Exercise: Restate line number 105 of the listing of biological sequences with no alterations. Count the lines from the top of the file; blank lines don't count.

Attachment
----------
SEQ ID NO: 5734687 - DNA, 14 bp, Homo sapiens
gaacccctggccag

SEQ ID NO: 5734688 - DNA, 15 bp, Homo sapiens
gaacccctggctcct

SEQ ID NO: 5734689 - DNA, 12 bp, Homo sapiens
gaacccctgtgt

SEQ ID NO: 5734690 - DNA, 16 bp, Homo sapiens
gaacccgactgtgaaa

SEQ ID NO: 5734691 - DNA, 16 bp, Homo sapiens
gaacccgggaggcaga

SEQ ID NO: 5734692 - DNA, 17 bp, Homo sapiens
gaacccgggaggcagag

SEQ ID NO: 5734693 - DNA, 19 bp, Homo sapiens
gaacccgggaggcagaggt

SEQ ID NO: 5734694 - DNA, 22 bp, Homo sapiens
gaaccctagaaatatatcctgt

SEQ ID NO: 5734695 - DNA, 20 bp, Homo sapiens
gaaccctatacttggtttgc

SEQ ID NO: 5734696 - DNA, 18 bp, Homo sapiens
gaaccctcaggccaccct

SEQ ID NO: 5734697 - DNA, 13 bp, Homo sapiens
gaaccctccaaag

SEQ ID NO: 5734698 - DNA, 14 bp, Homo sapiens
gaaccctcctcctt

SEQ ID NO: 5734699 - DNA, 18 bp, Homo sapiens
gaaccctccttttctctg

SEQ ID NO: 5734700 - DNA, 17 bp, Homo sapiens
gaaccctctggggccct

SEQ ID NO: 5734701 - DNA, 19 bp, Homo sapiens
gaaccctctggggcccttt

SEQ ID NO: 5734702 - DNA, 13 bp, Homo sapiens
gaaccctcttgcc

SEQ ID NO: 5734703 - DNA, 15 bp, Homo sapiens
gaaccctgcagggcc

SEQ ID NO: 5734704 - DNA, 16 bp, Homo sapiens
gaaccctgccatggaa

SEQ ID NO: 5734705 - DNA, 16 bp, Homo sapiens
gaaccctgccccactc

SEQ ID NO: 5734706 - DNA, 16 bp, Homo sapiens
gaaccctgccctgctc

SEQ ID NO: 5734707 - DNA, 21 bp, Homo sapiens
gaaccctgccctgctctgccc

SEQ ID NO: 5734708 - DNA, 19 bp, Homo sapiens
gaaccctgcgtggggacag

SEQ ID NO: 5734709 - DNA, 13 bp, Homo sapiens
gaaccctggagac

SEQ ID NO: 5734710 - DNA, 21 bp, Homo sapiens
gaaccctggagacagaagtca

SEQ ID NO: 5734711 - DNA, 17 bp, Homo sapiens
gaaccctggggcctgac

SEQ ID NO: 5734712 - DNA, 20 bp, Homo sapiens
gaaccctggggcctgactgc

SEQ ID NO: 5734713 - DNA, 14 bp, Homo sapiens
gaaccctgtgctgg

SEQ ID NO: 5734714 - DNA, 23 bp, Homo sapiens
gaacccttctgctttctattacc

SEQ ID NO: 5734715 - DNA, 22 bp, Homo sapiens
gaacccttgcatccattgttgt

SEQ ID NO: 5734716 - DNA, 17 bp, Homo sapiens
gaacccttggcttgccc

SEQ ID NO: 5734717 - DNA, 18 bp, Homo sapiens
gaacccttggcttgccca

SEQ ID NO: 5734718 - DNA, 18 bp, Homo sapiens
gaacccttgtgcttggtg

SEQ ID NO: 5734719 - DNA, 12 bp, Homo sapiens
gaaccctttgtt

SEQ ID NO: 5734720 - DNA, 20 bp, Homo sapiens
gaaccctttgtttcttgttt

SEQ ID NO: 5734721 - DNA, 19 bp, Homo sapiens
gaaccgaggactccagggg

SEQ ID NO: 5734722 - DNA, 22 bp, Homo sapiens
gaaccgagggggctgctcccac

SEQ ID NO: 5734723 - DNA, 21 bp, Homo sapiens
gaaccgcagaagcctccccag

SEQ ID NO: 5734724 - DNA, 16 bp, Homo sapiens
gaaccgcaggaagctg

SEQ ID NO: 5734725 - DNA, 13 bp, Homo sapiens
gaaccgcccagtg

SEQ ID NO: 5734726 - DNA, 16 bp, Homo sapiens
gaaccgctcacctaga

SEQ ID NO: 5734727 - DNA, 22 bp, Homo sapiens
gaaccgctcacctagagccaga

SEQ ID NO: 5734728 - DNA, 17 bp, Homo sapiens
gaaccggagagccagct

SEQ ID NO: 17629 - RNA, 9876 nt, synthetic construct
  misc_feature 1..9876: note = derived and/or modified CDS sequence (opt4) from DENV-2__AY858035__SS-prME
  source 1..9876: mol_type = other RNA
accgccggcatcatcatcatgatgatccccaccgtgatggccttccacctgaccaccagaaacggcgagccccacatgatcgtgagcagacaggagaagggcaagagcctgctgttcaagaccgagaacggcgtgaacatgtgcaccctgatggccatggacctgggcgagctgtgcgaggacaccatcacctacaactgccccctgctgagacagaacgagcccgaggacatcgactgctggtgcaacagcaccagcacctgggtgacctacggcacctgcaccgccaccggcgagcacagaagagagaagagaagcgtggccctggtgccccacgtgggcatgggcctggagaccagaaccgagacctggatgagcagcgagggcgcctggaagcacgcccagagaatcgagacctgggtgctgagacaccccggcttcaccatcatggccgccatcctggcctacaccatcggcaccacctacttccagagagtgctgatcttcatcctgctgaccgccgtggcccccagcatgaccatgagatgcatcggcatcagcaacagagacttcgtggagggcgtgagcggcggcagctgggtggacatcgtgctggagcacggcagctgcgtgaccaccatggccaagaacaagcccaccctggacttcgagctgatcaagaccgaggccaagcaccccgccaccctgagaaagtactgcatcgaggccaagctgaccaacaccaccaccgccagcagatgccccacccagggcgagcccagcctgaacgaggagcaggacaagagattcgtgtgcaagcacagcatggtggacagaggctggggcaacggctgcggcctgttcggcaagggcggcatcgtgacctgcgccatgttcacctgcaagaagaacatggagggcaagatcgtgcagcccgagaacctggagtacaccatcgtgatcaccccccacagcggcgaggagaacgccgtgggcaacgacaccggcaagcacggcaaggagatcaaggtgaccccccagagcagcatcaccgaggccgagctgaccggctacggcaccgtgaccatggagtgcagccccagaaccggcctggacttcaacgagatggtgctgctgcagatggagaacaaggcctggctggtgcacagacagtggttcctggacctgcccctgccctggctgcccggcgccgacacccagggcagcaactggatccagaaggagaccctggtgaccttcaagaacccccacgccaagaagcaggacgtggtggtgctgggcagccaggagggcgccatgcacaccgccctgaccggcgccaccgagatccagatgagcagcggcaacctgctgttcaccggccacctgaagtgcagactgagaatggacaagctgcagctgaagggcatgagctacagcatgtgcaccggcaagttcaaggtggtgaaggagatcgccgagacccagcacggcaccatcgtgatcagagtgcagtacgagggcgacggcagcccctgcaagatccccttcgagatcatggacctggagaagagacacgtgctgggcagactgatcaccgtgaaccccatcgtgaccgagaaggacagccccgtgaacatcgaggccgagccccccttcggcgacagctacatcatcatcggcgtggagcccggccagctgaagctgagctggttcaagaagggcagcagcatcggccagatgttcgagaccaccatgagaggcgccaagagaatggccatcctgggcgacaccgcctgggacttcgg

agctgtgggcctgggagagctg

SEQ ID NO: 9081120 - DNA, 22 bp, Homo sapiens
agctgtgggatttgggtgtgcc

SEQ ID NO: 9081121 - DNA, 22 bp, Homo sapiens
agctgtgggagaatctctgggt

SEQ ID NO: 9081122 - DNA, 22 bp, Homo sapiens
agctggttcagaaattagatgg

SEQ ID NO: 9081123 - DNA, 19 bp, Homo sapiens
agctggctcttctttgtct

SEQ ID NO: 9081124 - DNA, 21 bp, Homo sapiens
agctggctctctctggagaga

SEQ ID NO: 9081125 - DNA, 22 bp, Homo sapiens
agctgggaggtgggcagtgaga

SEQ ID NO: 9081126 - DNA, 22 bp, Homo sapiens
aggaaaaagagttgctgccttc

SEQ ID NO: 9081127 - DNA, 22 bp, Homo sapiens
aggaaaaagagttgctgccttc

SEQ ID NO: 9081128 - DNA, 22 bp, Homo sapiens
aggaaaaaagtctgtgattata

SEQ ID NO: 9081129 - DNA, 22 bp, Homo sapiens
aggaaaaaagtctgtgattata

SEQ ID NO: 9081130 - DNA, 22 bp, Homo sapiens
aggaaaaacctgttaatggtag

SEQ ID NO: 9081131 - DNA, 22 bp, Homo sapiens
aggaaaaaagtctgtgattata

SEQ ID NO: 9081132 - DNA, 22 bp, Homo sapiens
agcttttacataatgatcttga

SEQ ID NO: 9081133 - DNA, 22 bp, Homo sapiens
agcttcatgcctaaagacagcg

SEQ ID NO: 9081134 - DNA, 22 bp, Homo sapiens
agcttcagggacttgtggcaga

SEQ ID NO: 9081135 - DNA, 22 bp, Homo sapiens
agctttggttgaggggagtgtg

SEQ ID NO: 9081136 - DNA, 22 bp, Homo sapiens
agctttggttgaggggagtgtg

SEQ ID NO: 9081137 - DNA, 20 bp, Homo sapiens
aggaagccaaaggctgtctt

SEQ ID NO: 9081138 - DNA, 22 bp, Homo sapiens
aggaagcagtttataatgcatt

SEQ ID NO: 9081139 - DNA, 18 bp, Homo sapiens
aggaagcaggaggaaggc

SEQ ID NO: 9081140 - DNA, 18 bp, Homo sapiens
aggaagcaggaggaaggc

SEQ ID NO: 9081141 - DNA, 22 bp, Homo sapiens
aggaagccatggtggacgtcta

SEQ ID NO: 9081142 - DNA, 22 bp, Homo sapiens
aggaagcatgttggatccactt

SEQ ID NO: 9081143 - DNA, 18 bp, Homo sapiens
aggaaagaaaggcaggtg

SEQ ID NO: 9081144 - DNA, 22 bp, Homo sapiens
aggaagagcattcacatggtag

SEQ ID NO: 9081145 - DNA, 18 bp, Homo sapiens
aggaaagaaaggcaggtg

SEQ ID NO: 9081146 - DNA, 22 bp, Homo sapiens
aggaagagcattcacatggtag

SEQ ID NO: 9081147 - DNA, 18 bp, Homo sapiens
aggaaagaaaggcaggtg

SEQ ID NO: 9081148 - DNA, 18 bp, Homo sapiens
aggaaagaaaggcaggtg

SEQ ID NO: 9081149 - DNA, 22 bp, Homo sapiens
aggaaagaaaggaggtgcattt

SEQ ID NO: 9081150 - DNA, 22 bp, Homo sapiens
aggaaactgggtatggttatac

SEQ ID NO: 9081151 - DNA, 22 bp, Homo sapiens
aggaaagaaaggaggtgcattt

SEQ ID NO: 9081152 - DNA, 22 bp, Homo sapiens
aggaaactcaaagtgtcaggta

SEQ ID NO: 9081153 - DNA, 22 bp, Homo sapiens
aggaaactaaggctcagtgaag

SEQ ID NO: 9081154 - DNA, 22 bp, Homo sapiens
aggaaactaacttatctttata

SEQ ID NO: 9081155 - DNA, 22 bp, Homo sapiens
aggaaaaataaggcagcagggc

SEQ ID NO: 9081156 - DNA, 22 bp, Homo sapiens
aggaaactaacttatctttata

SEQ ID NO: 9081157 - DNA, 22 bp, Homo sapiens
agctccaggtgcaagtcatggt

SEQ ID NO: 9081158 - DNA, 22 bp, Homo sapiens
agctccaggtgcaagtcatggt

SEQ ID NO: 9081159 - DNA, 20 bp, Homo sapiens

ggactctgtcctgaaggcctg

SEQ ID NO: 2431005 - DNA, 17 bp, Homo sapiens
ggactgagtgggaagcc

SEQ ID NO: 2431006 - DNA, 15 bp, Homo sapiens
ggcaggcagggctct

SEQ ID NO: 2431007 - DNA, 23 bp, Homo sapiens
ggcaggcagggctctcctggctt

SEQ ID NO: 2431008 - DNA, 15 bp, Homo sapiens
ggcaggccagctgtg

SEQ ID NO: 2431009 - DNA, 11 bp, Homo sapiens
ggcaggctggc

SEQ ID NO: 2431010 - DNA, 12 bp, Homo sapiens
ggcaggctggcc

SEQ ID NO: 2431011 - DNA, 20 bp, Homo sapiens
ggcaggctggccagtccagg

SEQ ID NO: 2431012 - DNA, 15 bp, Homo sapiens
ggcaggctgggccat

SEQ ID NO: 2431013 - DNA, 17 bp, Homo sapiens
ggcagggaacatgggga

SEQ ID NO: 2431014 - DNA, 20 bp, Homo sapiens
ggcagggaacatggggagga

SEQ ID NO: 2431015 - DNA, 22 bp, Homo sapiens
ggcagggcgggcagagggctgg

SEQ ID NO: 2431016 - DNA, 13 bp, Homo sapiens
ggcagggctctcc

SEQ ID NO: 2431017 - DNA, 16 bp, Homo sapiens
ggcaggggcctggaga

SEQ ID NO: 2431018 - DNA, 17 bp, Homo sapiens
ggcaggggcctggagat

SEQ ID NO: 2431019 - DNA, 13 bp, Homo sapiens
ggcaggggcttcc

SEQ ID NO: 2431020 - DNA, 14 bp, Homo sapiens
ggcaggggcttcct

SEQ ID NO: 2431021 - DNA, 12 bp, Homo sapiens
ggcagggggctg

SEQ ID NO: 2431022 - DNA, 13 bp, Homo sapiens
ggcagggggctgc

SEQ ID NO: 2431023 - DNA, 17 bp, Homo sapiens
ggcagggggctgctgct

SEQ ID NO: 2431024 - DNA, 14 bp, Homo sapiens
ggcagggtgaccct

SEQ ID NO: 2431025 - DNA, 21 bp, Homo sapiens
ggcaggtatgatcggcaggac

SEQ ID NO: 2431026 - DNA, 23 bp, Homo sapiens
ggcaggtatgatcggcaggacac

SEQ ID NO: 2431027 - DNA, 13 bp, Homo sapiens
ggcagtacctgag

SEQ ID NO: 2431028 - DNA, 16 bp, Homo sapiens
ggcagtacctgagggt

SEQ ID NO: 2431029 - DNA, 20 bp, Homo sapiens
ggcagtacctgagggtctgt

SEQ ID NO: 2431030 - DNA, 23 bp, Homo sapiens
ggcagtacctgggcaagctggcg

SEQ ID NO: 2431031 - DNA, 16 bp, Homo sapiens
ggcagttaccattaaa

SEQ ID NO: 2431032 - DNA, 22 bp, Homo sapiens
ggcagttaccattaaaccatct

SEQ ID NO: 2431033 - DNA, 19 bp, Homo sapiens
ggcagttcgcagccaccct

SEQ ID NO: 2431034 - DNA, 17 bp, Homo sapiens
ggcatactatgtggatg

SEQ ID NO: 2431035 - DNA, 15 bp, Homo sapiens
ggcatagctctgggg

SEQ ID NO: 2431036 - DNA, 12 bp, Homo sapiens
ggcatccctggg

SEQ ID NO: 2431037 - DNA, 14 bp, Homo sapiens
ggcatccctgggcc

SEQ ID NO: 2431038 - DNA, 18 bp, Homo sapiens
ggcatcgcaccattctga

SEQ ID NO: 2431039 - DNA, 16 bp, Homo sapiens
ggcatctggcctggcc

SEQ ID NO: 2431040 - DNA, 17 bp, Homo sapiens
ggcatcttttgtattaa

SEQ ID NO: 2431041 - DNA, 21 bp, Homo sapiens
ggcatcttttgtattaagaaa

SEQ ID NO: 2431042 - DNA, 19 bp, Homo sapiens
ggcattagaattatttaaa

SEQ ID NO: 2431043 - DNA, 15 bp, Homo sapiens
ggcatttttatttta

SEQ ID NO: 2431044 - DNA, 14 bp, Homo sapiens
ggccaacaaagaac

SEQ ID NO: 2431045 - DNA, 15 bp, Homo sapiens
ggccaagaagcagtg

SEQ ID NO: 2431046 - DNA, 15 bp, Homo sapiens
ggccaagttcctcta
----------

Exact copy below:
aggaaaaagagttgctgccttc